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I have a unicode file that contains Chinese characters. I have a local and a remote copy of it.

When I use less on the local file the characters are shown properly:

奥尔德林

However, when I ssh to the remote machine and look at the remote version of the same file the characters are just shown like this instead:

<E5><A5><A5><E5><B0><94><E5><BE><B7><E6><9E><97>

How can I properly view the remote unicode file (when connected via ssh)?

(I'm using the standard terminal application on Mac OS.)

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1 Answer 1

up vote 2 down vote accepted

Does the file display correctly if you cat it (or used head to shorten the output)?

I think the key to making less display the file properly lies in setting LANG or LC_ALL properly. On your local system and the remote system compare the values of those variables and see if they are different and whether changing the remote one to match makes a difference.

From the less man page (Note the last sentence):

       If  neither  LESSCHARSET nor LESSCHARDEF is set, but any of the strings
       "UTF-8", "UTF8", "utf-8" or "utf8" is found in the LC_ALL,  LC_TYPE  or
       LANG environment variables, then the default character set is utf-8.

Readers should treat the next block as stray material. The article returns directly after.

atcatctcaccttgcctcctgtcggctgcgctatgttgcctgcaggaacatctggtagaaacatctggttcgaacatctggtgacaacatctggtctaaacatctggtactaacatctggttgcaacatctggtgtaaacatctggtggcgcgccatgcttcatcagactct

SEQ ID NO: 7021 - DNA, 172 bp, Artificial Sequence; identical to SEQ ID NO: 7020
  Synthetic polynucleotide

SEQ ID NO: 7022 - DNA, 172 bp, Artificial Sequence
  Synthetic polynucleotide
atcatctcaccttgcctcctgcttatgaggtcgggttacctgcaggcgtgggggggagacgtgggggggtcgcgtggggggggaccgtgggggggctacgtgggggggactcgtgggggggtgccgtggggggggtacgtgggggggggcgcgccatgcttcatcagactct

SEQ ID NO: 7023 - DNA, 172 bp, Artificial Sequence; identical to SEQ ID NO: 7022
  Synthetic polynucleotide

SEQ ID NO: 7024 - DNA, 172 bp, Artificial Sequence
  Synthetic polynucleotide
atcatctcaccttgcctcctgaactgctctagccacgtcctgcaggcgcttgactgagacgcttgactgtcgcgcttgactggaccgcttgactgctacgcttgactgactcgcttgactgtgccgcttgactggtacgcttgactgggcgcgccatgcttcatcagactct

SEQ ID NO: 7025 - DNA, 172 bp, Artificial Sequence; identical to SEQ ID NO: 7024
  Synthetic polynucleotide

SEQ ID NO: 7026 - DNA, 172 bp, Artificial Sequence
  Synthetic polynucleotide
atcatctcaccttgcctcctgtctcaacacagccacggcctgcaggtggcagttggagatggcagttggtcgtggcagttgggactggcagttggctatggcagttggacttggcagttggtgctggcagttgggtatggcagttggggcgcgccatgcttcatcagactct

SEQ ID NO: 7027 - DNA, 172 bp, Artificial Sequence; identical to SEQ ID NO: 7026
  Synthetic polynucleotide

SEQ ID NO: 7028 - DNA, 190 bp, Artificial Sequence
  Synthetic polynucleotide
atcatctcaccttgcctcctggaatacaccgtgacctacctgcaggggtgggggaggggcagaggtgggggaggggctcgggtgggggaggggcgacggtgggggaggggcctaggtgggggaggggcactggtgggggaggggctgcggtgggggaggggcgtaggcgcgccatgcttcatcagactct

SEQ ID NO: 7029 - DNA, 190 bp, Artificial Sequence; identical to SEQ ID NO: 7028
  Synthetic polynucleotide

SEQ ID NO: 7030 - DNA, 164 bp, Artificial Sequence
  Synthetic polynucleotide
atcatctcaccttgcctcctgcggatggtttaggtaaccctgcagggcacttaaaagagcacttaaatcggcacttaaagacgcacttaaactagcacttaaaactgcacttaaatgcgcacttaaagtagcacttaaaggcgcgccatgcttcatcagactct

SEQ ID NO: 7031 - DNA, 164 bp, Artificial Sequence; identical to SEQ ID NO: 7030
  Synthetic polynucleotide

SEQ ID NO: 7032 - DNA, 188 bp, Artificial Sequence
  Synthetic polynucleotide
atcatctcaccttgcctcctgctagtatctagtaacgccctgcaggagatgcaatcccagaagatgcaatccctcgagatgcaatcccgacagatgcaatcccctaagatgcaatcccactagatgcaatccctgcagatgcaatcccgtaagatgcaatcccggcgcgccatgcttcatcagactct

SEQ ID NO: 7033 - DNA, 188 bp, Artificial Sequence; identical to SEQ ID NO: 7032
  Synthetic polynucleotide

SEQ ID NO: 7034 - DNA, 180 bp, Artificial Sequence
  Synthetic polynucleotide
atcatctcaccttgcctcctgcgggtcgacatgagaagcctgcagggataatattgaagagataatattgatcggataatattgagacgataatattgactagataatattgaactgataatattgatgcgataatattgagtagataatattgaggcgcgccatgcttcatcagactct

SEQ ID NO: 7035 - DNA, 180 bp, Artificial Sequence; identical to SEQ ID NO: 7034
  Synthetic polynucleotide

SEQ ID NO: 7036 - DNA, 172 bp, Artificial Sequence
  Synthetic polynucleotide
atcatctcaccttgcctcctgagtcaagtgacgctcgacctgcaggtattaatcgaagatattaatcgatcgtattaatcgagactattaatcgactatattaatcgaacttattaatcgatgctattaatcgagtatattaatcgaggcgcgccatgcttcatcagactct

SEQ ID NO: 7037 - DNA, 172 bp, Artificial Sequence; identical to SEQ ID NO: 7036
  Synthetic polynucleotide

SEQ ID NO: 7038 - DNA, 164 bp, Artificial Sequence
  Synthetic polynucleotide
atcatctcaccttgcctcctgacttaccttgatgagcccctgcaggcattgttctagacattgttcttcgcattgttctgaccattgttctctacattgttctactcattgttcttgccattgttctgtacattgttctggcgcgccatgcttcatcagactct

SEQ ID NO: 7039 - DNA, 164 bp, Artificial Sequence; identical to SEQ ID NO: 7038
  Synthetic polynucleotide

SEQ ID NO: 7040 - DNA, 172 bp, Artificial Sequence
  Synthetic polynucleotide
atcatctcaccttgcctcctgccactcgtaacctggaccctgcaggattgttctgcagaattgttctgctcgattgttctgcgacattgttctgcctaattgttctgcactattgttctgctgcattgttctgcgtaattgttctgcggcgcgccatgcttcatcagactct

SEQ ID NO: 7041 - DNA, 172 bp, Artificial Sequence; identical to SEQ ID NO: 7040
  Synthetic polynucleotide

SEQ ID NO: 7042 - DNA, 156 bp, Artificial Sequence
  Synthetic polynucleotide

If  that  string  is  not found, but your system supports the setlocale
       interface, less will use setlocale  to  determine  the  character  set.
       setlocale  is  controlled  by  setting the LANG or LC_CTYPE environment
       variables.

       Finally, if the setlocale interface is also not available, the  default
       character set is latin1.

       Control  and  binary  characters  are  displayed  in  standout (reverse
       video).  Each such character is displayed in caret notation if possible
       (e.g.  ^A for control-A).  Caret notation is used only if inverting the
       0100 bit results in a normal printable character.  Otherwise, the char‐
       acter  is displayed as a hex number in angle brackets.
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Thanks! cat worked fine. And less works now after I set LC_ALL=en_US.UTF-8. –  user9474 Nov 21 '09 at 0:25
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